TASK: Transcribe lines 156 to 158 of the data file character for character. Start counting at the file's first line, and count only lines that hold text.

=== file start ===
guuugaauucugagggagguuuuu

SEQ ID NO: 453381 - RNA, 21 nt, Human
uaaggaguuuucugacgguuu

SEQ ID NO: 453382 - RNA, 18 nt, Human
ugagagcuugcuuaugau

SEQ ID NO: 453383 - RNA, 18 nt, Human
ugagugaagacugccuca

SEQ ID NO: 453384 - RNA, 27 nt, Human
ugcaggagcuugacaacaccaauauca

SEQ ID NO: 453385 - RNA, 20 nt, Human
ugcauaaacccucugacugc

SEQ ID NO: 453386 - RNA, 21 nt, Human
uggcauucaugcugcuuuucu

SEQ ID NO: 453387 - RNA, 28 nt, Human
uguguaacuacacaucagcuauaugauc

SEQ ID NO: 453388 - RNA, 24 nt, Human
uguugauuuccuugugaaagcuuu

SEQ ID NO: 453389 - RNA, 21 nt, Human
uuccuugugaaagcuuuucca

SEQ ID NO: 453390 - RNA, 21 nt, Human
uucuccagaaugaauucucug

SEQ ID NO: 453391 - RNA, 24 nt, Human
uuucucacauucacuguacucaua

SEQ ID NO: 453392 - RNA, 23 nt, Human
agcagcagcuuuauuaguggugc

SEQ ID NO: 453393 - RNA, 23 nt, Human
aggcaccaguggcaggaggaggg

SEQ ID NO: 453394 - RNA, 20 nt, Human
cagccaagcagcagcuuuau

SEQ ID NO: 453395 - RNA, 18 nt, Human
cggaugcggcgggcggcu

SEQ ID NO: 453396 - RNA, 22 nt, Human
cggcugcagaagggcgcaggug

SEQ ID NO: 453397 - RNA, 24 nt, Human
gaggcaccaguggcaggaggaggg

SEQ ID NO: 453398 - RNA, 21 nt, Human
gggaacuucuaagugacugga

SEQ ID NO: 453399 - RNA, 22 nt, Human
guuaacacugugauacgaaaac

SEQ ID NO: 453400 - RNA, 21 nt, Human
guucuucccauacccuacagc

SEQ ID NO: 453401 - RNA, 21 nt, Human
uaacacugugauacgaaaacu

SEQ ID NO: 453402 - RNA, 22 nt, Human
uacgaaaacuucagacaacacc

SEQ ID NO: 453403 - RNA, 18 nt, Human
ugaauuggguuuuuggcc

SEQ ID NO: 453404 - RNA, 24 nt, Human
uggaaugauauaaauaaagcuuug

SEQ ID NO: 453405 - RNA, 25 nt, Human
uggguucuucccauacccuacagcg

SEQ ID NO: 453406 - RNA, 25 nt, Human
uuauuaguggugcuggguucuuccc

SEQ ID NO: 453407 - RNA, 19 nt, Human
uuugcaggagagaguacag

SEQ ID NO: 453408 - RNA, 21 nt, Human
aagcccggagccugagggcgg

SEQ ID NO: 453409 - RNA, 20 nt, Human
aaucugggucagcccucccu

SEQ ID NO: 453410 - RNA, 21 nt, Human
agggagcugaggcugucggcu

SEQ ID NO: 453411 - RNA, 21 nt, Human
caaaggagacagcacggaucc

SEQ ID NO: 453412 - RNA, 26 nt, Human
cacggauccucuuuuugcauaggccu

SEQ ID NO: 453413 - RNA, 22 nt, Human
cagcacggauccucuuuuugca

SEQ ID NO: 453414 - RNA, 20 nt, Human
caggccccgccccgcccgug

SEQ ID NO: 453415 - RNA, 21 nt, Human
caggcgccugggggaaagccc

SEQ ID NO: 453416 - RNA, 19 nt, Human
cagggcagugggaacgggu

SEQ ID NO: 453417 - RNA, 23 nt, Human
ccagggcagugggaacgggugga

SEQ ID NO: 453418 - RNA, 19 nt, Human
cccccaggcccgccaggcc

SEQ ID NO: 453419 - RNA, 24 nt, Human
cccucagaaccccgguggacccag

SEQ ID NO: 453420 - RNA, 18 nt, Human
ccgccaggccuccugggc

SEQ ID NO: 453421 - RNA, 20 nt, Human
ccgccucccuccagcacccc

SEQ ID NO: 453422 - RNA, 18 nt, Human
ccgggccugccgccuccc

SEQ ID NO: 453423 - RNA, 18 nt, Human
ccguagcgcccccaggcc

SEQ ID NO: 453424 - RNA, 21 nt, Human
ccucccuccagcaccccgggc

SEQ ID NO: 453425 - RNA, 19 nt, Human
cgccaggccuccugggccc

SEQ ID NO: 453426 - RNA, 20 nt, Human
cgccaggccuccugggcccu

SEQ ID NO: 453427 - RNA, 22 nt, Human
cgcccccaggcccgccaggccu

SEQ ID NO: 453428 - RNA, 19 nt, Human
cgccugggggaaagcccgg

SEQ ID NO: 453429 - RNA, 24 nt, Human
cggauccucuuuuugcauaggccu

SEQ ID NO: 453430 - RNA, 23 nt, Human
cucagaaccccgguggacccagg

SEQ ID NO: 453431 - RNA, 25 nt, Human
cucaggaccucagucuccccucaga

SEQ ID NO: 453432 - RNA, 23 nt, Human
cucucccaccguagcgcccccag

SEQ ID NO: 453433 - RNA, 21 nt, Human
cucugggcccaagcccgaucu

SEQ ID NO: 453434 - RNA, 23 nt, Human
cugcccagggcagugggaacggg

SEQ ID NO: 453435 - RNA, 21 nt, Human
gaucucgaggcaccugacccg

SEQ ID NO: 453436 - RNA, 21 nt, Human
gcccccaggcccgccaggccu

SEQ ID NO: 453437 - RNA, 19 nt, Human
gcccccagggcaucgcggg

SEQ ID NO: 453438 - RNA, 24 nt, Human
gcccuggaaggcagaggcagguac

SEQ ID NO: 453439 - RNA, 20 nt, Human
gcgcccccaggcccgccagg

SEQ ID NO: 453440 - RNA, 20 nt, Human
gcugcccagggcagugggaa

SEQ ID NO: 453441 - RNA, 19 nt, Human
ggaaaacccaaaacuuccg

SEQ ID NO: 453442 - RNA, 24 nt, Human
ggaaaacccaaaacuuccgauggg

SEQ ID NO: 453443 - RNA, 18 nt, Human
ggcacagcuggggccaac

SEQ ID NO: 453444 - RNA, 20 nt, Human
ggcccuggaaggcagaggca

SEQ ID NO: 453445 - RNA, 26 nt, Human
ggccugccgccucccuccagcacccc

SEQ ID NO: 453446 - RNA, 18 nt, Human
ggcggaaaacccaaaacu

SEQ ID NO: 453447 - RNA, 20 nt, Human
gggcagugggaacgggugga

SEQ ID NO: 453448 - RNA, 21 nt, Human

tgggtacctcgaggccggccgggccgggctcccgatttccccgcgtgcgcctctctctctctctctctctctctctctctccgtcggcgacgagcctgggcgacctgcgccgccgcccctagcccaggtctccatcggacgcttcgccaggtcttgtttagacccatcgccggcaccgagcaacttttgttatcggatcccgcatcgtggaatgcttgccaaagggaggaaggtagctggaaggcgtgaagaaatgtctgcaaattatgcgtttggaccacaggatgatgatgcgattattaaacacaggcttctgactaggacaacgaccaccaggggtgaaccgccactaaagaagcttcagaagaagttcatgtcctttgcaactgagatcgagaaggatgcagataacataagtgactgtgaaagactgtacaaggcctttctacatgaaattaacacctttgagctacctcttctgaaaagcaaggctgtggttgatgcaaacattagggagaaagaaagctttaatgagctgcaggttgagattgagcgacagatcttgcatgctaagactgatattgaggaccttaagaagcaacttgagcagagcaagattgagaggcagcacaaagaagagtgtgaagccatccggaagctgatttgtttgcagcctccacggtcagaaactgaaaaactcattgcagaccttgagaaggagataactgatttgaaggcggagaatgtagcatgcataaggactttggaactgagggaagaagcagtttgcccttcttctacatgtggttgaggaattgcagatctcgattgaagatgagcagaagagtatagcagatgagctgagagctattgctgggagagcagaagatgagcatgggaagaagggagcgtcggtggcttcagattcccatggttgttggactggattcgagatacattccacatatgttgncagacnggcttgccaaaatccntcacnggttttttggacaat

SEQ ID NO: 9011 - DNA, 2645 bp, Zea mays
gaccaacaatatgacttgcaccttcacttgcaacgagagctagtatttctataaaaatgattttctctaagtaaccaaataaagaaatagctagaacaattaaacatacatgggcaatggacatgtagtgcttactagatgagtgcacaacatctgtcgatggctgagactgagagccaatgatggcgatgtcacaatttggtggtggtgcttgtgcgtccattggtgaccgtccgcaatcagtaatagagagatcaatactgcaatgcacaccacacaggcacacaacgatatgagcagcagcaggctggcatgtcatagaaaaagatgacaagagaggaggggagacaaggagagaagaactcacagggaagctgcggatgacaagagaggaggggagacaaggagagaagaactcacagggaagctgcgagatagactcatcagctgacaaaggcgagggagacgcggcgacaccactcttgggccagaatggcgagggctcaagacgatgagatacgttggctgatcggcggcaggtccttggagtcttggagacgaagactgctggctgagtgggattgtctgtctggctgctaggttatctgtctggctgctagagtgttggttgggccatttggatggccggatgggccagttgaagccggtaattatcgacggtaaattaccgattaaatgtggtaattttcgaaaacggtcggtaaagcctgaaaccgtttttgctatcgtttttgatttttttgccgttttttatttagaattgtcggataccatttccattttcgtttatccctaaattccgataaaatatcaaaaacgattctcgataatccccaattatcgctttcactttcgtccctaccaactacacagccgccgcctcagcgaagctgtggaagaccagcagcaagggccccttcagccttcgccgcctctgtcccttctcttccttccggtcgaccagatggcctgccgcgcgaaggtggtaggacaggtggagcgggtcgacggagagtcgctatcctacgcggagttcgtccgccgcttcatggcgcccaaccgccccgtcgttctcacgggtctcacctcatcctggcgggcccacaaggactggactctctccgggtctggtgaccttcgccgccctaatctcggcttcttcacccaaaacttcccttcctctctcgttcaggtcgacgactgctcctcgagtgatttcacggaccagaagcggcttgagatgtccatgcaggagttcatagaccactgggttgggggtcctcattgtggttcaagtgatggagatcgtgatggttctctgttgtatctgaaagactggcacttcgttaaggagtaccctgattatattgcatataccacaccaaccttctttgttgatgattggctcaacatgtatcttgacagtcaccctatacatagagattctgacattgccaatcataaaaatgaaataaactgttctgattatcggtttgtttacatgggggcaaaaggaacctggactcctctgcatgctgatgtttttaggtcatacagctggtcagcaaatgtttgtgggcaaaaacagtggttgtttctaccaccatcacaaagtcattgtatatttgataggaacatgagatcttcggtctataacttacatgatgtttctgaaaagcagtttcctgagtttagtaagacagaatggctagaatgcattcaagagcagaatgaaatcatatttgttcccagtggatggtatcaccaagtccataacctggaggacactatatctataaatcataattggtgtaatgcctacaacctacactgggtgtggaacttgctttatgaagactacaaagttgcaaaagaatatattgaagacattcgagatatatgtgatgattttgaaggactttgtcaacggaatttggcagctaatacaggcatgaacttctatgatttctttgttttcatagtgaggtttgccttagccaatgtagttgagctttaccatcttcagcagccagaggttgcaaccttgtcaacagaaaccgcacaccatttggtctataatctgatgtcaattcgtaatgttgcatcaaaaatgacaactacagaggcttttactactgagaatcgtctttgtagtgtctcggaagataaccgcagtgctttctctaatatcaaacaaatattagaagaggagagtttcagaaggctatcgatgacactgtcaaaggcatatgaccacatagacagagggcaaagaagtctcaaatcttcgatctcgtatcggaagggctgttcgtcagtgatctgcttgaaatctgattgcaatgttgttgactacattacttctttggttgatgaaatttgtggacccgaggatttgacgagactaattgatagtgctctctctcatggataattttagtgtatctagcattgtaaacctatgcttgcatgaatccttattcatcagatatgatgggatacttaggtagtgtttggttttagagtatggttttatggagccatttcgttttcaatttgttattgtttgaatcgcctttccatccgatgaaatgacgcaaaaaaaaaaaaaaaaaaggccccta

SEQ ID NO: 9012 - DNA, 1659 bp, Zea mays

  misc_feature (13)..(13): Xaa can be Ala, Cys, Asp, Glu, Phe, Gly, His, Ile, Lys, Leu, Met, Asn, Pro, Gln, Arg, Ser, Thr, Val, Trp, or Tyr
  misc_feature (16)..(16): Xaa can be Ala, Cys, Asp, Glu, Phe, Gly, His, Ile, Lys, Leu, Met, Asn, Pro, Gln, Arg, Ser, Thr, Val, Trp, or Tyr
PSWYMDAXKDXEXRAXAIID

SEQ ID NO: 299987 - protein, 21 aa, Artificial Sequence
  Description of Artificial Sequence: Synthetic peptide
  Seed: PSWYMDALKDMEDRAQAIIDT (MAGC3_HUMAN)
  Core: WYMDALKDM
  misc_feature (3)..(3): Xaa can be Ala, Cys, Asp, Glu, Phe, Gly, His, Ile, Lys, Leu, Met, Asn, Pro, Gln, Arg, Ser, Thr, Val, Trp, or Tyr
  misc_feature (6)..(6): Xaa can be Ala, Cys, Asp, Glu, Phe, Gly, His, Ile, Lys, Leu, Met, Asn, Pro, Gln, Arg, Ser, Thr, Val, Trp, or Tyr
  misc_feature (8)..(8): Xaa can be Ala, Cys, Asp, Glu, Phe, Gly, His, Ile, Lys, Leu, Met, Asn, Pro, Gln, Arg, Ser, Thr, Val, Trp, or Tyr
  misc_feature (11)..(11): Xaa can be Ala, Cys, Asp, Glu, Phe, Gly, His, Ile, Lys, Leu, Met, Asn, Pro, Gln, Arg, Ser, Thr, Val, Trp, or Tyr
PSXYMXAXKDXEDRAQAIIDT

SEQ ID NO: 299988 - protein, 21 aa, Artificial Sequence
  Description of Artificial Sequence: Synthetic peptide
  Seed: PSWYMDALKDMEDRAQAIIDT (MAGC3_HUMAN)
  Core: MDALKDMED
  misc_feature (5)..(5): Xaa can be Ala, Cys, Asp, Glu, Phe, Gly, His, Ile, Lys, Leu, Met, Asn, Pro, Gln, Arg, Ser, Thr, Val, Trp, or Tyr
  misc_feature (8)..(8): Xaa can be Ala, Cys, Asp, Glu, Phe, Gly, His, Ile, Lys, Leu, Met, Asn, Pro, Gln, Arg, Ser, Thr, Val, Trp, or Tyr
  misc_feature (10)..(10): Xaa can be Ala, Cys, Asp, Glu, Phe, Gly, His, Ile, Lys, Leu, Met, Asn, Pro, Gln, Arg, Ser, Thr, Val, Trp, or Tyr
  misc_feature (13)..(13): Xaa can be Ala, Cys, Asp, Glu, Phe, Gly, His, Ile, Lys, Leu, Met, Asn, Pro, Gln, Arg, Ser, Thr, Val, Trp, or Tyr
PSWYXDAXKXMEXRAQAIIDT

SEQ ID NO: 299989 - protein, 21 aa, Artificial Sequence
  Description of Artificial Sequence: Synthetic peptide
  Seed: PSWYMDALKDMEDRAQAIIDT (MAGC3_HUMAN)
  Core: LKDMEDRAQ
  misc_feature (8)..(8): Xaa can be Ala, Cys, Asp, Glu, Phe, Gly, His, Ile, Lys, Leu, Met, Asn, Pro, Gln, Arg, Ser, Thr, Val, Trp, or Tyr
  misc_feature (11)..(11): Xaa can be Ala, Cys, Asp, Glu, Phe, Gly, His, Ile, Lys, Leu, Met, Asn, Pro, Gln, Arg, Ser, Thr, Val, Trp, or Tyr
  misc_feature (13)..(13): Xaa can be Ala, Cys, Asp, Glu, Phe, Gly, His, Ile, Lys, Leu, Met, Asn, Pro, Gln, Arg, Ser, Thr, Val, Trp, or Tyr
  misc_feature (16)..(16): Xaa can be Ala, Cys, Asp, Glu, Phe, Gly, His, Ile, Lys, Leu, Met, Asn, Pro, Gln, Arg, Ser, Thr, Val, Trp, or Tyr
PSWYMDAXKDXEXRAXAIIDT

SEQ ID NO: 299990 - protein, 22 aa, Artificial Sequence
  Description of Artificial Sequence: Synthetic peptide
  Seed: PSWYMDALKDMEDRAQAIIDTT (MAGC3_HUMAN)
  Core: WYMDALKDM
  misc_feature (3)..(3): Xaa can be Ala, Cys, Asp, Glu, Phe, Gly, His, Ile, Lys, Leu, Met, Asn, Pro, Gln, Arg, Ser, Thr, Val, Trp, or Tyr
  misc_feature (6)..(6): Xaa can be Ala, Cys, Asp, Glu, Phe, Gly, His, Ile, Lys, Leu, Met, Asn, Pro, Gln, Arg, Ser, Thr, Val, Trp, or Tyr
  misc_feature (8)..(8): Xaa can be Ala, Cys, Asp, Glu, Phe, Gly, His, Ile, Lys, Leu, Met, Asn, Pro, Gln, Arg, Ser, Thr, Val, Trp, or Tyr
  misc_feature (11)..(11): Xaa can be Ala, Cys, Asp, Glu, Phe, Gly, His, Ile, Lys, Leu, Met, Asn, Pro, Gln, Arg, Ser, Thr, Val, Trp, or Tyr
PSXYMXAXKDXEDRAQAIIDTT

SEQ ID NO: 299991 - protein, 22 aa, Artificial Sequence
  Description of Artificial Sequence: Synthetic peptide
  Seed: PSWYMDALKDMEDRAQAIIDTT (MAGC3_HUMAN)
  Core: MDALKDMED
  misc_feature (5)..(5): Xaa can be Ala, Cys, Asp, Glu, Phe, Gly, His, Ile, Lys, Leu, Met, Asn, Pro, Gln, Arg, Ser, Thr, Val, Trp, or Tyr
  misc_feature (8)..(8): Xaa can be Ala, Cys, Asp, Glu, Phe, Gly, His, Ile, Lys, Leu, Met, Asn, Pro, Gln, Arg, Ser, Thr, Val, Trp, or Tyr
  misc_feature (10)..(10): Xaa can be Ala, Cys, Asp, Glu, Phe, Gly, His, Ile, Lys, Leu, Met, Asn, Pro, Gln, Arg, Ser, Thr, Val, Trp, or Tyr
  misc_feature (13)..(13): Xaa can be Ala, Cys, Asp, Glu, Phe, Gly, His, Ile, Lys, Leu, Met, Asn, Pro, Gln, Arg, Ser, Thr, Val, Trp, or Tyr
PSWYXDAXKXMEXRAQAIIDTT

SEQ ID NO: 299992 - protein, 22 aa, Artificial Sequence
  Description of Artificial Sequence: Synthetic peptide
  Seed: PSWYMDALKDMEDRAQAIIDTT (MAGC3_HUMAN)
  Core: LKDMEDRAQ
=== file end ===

  Core: MDALKDMED
  misc_feature (5)..(5): Xaa can be Ala, Cys, Asp, Glu, Phe, Gly, His, Ile, Lys, Leu, Met, Asn, Pro, Gln, Arg, Ser, Thr, Val, Trp, or Tyr
  misc_feature (8)..(8): Xaa can be Ala, Cys, Asp, Glu, Phe, Gly, His, Ile, Lys, Leu, Met, Asn, Pro, Gln, Arg, Ser, Thr, Val, Trp, or Tyr